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Be Wary When Using Social Media to Help You Find the Right Online School

0 Comments 18 May 2012

Because of the rise and proliferation of the online university, people interested in attending college now have countless options from which to choose. Live in Florida but interested in Portland State University? Shouldn’t be a problem if you have Internet access. Want to earn a degree but don’t have the time because of work and family? Distance learning can facilitate a busy schedule. Not all online schools are created equal, though, and it’s essential to choose the best one. So how do you go about doing this? Just as there is an abundance of schools from which to choose but, using online university rankings can help you narrow your decision down.

But which of these resources are trustworthy and accurate, and which might lead you astray? Some people are inclined to conduct a simple Google search of the most highly rated online schools and glance only at the contents of the first hit or two. Although there’s nothing inherently wrong with getting a cursory idea of which schools rank highest, such knowledge must be taken with a grain of salt.

For instance, a site might rate Kaplan University as the best online school in the US. But how did they come to that conclusion? If the results are derived from students’ responses, you have to ask: how many students’ responses were aggregated? If only one student rated the school, and he gave it a glowing review, then it’s no wonder that Kaplan came out on top since there are no bad reviews. Also, what about the school is being evaluated? The instructors? The workload? The tuition? The likelihood that you’ll find a job after graduating? If the student comments only on how easy it is to register for classes, then that doesn’t help you make a well-rounded decision.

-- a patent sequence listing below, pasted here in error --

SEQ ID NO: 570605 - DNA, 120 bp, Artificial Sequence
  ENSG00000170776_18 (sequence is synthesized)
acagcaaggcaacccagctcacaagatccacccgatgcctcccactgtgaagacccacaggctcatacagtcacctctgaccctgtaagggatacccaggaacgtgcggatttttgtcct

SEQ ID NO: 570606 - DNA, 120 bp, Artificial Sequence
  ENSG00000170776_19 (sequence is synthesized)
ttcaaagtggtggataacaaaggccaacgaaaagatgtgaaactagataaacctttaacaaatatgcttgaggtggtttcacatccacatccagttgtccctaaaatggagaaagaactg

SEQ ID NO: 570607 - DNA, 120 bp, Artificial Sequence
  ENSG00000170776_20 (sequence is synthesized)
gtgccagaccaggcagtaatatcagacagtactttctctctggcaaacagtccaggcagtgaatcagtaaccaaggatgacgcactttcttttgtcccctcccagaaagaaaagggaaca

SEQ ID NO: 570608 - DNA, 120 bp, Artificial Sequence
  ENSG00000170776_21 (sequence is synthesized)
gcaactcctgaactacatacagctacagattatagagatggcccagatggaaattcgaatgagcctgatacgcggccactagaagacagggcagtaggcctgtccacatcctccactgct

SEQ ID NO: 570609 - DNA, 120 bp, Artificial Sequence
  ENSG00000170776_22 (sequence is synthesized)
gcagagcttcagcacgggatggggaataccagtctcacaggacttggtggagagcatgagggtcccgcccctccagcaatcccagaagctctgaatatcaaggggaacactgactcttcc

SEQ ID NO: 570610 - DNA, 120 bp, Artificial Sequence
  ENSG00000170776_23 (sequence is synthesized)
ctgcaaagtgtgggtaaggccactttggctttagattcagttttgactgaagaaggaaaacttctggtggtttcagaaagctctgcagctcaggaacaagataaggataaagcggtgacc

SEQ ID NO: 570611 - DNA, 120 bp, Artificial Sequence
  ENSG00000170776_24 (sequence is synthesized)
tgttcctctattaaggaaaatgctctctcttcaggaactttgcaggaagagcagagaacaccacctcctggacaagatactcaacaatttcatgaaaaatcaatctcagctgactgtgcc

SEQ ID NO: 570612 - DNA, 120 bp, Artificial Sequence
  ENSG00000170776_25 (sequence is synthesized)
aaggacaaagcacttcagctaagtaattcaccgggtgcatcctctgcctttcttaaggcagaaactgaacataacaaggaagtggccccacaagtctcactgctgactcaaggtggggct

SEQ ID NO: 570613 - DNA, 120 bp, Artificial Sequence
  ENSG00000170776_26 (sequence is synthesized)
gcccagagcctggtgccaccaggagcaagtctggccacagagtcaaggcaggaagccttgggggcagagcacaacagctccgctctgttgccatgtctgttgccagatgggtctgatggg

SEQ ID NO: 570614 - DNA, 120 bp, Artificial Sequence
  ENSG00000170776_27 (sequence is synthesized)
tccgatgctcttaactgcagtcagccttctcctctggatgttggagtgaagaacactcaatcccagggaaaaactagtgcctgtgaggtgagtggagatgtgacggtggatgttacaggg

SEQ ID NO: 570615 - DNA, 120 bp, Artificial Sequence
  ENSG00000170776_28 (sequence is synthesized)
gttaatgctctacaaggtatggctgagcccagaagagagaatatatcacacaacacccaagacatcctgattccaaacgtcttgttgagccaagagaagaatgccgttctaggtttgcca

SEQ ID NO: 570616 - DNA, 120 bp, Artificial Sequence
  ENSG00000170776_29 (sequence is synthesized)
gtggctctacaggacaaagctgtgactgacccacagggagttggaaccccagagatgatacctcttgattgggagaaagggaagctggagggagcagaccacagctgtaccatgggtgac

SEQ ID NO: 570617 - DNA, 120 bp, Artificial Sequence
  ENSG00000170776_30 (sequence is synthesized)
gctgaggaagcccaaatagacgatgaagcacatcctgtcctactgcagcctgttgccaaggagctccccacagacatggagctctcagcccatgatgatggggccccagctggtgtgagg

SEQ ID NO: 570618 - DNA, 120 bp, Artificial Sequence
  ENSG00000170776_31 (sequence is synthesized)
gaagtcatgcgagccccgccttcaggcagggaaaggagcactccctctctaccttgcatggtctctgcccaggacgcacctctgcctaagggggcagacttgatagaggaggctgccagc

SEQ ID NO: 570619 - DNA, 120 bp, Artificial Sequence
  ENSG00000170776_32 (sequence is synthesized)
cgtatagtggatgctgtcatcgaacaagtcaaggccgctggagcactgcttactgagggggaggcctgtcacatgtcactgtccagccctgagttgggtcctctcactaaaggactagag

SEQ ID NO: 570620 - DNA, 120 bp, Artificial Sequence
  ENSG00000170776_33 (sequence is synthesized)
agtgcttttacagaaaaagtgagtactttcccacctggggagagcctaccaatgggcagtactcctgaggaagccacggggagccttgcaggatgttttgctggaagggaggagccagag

One last thing you need to remember is that people tend to exaggerate online, especially if they are able to post their comments anonymously. If they ended up having one bad professor, they might generalize their distaste toward the entire school, thereby dropping its ranking.

When seeking suggestions, you’re probably better off referring to an established, tried-and-true publication like U.S. News and World Report. For years they have been ranking America’s schools, and recently they’ve begun doing the same for online universities. They take into account three indicators: Faculty Credentials and Training (Westfield State University comes in at #1), Student Services and Technology (Arizona State University) and Student Engagement and Assessment (Bellevue University).

Again, there’s nothing wrong with seeking student responses of online universities, so long as your findings are tempered with a more reputable resource like U.S. News and World Report.

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